More than half the country may be in trouble come October as an amendment protecting medical marijuana and its patients failed a committee vote earlier this month. The Rohrabacher-Blumenauer Amendment, named for California Rep. Dana Rohrabacher and Oregon Rep. Earl Blumenauer, failed a hearing in the House Rules Committee Sept. 7. This is the first time the amendment hasn't been included in the Commerce, Justice and Science Appropriations bill since 2014.
Marygrace Ghio found out she was undocumented when she was 13 years old. "It was sort of shocking because I was at the age where everyone got their license and then they went off to college," she said. "And when I found out, it was like, well, I guess I won't be doing those things." Like many Deferred Action for Childhood Arrivals recipients, Marygrace, who is now 20 years old, speaks perfect Spanish and English, with no trace of an accent in either.
Congressman Tom O'Halleran is in his first term representing Congressional District 1, which includes Oro Valley and Marana as well as Flagstaff and much of eastern rural Arizona. He recently appeared for a one-on-one interview on the radio edition of Zona Politics with Jim Nintzel. This Q&A is an edited excerpt from that conversation.
Muck Rack makes it simple to find people, tweets, or articles that mention any name, keyword, company, hashtag etc. We've compiled this guide to help you make the most of your search.
Selecting a term
Start searching tweets, articles from media outlets, articles mentioned in tweets, journalists'
names, titles and bios with some suggested searches:
Companies or Topics (e.g. iPhone, Microsoft)
Phrases (e.g. "cloud computing") — use quotes to keep the terms together
Twitter handles (e.g. @username) — returns those who have mentioned or replied to
Names (e.g. "David Pogue")
Hashtags (e.g. #sxsw, #london2012)
Bio details (e.g. vegan, Olympics, father)
Muck Rack's Advanced Search allows for many boolean operators.
Find results that mention multiple specified terms, use AND or
+. For example, ensure each result contains both Elon Musk and Mark Zuckerberg by
searching Obama AND Romney or Obama + Romney.
Use the operators OR or , to broaden your search when you'd like either of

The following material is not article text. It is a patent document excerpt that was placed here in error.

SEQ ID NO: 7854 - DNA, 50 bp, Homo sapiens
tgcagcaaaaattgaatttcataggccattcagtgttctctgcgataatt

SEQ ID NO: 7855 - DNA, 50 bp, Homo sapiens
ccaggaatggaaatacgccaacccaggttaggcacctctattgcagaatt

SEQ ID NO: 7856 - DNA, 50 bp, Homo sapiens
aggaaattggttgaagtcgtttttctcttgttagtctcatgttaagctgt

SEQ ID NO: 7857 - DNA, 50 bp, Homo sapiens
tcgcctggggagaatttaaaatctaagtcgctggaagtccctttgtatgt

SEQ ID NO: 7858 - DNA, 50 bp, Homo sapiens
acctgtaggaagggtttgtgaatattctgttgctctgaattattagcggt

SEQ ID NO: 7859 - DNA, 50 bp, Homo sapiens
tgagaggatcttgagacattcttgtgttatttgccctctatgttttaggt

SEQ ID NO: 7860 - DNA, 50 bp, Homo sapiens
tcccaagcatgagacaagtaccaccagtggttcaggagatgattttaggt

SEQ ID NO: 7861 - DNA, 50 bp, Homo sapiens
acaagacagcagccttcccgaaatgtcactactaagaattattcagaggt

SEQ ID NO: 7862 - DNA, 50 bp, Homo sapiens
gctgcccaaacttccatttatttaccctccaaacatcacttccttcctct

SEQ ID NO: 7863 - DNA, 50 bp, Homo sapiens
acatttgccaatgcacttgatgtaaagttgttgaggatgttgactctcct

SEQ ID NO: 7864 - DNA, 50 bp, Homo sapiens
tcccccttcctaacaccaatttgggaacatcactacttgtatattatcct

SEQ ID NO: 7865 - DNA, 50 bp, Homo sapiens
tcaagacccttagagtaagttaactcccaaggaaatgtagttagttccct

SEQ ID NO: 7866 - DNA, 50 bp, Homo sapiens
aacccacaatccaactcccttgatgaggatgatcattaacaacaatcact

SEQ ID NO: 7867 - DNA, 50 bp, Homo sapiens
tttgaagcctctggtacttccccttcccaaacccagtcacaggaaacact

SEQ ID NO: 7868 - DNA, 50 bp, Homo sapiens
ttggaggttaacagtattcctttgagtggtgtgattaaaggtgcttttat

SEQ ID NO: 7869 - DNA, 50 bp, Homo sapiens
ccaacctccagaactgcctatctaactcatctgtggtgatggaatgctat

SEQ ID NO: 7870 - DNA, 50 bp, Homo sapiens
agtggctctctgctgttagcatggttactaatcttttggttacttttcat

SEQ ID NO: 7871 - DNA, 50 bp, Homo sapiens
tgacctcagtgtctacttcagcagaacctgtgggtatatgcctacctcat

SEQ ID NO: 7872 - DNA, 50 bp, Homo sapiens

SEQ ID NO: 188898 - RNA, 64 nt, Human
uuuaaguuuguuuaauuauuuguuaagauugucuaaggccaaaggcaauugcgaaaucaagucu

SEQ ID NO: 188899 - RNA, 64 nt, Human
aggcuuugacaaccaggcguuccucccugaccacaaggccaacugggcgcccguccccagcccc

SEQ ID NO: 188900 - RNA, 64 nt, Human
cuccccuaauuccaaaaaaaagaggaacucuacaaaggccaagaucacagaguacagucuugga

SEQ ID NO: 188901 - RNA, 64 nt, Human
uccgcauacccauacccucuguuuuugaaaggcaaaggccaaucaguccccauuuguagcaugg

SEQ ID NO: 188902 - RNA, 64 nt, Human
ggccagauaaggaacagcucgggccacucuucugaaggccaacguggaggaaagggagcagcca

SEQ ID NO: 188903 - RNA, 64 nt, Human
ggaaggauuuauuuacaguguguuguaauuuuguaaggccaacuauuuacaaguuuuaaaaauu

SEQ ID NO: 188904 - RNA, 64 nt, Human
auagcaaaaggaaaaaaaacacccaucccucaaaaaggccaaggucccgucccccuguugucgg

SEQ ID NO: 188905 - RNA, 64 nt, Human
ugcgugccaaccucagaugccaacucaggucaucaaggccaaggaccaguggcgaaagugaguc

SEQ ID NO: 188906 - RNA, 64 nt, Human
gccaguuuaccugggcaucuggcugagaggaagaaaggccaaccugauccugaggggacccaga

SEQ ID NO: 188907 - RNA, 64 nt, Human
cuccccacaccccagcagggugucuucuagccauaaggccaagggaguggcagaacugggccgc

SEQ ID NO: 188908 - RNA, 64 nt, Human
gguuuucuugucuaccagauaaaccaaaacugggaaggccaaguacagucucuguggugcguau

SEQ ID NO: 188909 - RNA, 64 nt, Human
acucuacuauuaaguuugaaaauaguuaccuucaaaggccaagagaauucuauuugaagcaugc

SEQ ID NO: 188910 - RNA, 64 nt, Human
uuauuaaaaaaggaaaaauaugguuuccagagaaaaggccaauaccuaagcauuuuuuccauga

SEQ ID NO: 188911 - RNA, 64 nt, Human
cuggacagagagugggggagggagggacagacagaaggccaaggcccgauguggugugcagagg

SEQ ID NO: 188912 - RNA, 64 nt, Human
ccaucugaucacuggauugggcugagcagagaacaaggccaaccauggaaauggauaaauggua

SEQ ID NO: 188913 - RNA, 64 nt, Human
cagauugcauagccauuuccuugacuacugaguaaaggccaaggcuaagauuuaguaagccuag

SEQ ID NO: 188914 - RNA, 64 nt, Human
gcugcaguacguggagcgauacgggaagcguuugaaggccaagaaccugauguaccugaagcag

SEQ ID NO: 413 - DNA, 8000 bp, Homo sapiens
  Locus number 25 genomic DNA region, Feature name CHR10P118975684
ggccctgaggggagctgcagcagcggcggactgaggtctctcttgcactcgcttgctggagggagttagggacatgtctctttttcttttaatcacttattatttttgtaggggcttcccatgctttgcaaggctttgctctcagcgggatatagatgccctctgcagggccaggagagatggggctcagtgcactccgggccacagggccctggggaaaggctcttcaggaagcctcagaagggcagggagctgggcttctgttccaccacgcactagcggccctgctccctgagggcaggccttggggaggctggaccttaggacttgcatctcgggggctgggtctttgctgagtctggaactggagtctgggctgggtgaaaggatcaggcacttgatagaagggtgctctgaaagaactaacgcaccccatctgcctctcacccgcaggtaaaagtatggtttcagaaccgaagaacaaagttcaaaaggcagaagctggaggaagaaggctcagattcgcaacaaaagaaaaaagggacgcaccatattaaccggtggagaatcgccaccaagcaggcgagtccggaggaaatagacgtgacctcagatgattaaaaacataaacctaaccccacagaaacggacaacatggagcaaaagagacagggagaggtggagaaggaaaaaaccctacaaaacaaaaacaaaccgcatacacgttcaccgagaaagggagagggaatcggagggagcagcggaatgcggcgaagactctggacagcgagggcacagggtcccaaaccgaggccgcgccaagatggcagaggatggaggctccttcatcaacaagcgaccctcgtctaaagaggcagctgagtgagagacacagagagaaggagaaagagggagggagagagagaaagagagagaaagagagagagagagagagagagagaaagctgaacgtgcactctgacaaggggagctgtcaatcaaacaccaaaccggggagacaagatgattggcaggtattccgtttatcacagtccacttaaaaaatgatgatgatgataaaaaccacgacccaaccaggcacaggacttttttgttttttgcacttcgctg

multiple terms to appear in results. (This is the default behavior of our search when no operators
are used.) For example, search for democrat OR republican to find results that refer to
Democrats and/or Republicans.
Use NOT or - to subtract results from your search. For
example, searching Disney will yield results about the Walt Disney Company as well as Walt Disney
World Resort. To exclude mentions of Disney World, search for Disney -World or Disney
When using one of these operators with a phrase, enclose it in quotation marks. For example, you can
find results about smartphones excluding Apple's iPhone 4S by searching smartphone -"iPhone
Exact case matching or punctuation
If you're searching for a brand name or keyword that relies on specific punctuation marks or capitalization, you can
find results that match your exact query by adding matchcase: before the keyword you're searching for, like matchcase:E*TRADE .
Use parentheses to separate multiple
boolean phrases. For example, to find journalists talking about having fun in Disney World or
Disneyland, search for ("disney world" OR disneyland) AND fun.
An asterisk can be used to search for any variation of a root word truncated by the asterisk. For example, searching for admin* will return results for administrator, administration, administer, administered, etc.
A near operator is an AND operator where you can control the distance between the words. You can vary the distance the near operation uses by adding a forward slash and number (between 0-99) such as strawberries NEAR/10 "whipped cream", which means the strawberries must exist within 10 words of "whipped cream".